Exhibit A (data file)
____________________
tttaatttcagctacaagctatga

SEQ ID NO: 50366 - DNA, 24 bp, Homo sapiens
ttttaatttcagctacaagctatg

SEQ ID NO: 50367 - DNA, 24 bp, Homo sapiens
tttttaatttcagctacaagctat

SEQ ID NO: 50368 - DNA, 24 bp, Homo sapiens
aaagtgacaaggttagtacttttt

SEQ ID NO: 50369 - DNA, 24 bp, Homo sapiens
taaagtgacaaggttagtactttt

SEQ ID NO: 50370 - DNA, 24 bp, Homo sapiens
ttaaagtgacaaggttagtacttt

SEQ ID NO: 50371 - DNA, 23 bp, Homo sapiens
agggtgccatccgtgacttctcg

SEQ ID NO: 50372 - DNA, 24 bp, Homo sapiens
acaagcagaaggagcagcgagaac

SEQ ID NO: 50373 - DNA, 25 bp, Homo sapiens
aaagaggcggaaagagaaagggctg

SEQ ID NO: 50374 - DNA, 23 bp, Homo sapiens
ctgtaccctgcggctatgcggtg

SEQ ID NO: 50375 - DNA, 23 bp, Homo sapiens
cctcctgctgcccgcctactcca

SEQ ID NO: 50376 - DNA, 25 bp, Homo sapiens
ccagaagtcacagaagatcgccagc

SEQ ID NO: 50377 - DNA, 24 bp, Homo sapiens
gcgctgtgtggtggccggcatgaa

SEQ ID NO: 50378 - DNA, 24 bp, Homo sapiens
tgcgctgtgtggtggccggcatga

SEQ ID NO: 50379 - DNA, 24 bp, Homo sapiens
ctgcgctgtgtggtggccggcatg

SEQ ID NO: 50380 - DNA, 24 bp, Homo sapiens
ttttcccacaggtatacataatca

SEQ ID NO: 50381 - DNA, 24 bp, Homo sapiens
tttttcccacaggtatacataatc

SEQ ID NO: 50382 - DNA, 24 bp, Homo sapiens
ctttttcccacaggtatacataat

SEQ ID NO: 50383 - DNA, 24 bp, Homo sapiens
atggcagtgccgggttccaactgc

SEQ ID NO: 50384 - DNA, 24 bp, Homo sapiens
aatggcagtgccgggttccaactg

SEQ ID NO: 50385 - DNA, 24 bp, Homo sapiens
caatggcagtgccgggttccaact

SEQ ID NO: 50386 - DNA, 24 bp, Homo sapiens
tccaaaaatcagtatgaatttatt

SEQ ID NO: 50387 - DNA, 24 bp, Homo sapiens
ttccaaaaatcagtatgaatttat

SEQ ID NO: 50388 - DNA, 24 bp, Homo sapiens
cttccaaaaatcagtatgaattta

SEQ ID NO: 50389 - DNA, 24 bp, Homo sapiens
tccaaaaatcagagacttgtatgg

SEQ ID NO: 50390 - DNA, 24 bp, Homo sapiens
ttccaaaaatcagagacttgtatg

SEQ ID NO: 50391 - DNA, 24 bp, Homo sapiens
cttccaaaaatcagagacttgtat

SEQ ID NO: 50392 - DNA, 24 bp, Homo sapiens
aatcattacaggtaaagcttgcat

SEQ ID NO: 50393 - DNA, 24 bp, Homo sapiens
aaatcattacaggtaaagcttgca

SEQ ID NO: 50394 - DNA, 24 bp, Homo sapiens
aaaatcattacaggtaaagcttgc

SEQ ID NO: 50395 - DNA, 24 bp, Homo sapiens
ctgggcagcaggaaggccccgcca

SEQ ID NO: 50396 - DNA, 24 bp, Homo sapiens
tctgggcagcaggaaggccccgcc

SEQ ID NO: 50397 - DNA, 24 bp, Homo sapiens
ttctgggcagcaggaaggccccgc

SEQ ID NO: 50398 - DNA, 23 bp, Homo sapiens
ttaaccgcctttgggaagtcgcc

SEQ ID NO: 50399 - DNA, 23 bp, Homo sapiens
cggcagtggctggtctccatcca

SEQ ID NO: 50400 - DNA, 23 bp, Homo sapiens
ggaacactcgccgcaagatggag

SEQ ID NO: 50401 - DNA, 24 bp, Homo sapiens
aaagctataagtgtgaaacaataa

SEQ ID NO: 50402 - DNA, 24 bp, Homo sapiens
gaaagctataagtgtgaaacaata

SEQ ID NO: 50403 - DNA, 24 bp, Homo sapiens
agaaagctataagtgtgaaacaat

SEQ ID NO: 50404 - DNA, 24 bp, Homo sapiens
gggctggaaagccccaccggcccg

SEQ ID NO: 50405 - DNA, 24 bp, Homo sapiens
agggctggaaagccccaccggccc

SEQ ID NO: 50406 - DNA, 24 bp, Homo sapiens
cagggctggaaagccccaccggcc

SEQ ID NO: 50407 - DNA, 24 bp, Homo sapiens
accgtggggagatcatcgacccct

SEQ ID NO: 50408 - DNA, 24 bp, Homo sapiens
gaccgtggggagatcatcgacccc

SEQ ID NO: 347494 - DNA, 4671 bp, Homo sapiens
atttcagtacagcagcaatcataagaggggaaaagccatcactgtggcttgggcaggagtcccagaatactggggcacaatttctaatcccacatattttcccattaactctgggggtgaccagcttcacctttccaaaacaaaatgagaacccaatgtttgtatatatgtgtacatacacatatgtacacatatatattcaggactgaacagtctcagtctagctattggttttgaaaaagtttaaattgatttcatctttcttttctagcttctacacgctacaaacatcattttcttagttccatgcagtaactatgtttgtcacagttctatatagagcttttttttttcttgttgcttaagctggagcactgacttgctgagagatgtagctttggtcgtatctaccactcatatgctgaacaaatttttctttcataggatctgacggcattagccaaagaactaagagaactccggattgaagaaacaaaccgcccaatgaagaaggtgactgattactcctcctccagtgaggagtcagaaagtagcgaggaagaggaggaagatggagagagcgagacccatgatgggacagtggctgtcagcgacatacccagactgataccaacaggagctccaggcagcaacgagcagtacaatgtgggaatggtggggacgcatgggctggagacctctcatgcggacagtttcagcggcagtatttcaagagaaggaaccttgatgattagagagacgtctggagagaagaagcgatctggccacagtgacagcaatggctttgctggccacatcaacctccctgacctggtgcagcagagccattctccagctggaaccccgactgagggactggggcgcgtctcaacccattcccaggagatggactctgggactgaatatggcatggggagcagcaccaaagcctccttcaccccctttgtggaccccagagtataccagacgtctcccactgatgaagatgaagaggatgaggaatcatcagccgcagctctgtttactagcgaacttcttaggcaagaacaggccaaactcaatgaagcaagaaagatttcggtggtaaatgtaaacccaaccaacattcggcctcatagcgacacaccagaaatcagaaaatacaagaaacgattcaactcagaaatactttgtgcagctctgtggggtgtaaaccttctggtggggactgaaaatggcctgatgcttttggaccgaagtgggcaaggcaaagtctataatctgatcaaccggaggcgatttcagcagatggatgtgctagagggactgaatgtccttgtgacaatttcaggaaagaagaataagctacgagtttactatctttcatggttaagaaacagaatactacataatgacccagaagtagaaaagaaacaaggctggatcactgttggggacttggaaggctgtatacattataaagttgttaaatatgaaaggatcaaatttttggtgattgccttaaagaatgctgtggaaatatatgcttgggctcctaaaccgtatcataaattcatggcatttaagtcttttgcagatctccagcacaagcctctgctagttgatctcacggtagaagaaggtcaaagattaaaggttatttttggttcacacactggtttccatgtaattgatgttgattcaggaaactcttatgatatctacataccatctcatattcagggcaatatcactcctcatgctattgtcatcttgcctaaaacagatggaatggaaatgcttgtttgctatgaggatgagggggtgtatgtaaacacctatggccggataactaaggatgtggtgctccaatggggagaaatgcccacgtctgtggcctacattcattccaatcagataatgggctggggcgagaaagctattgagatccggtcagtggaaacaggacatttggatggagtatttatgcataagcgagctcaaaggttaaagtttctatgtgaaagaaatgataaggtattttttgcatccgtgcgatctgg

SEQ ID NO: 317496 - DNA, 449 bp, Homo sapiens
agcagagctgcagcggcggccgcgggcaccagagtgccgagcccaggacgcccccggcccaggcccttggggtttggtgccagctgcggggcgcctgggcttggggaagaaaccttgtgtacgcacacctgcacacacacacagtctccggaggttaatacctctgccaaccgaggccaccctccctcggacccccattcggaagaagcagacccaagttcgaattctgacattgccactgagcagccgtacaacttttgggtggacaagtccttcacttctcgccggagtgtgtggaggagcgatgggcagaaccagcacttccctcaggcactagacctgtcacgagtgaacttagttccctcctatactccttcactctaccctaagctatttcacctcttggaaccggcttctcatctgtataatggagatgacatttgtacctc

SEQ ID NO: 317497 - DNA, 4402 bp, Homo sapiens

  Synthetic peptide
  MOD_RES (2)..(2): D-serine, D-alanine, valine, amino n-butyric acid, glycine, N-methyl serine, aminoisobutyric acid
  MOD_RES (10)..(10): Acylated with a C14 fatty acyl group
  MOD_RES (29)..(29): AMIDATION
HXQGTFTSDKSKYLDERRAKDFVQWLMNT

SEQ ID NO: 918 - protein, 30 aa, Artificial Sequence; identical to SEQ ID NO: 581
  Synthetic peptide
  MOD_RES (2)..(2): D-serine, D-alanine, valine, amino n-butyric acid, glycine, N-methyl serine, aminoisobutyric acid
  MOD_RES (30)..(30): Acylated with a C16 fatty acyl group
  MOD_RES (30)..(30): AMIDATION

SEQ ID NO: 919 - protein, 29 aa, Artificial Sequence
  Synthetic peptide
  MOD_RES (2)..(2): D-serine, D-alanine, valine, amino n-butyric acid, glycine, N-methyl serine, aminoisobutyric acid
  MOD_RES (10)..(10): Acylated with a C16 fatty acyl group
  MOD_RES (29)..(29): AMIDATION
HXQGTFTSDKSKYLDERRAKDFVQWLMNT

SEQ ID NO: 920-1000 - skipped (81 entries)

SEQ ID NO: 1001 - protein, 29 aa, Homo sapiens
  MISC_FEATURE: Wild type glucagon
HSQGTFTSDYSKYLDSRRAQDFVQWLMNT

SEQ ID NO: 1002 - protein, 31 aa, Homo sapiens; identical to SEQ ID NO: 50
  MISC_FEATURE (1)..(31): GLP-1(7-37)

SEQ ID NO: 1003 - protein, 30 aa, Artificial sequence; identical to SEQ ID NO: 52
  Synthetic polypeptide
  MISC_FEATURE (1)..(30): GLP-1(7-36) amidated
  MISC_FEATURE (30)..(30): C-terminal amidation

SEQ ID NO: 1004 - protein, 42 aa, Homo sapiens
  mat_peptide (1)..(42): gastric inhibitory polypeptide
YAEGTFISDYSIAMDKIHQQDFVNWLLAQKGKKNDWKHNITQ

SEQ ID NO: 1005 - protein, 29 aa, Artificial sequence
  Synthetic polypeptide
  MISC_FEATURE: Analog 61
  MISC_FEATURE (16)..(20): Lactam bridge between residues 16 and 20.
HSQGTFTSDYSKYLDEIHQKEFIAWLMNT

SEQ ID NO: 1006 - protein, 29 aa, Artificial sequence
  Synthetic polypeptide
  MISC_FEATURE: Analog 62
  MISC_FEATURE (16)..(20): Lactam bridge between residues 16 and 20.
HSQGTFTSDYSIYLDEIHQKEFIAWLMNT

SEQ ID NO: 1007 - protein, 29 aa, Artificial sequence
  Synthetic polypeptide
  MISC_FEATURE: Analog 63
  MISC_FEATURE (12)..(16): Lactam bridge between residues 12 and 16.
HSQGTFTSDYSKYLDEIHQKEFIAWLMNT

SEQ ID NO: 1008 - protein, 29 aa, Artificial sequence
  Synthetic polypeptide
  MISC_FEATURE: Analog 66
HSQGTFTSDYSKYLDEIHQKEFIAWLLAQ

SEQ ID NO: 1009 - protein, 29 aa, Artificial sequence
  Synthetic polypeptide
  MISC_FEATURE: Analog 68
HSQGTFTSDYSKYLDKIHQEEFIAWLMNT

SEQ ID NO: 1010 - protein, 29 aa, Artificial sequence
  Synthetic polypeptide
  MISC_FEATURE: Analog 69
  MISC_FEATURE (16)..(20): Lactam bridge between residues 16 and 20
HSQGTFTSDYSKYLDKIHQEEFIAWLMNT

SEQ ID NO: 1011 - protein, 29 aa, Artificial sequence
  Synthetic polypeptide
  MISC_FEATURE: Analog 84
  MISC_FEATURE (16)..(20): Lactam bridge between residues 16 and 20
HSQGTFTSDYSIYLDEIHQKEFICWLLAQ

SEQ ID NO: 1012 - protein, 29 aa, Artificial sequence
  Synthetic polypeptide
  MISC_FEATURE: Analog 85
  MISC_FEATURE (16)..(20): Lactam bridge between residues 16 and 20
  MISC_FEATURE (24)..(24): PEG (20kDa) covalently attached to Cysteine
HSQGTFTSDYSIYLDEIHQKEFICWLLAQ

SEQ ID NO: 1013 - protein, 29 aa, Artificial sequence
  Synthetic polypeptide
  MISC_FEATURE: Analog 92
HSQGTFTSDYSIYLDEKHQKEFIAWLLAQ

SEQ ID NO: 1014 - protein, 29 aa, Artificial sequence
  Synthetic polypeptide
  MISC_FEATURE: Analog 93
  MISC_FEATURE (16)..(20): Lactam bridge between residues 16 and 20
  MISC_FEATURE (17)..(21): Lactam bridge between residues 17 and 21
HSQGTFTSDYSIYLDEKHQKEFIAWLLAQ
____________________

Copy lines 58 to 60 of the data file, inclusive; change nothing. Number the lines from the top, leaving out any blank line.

SEQ ID NO: 50394 - DNA, 24 bp, Homo sapiens
aaaatcattacaggtaaagcttgc

SEQ ID NO: 50395 - DNA, 24 bp, Homo sapiens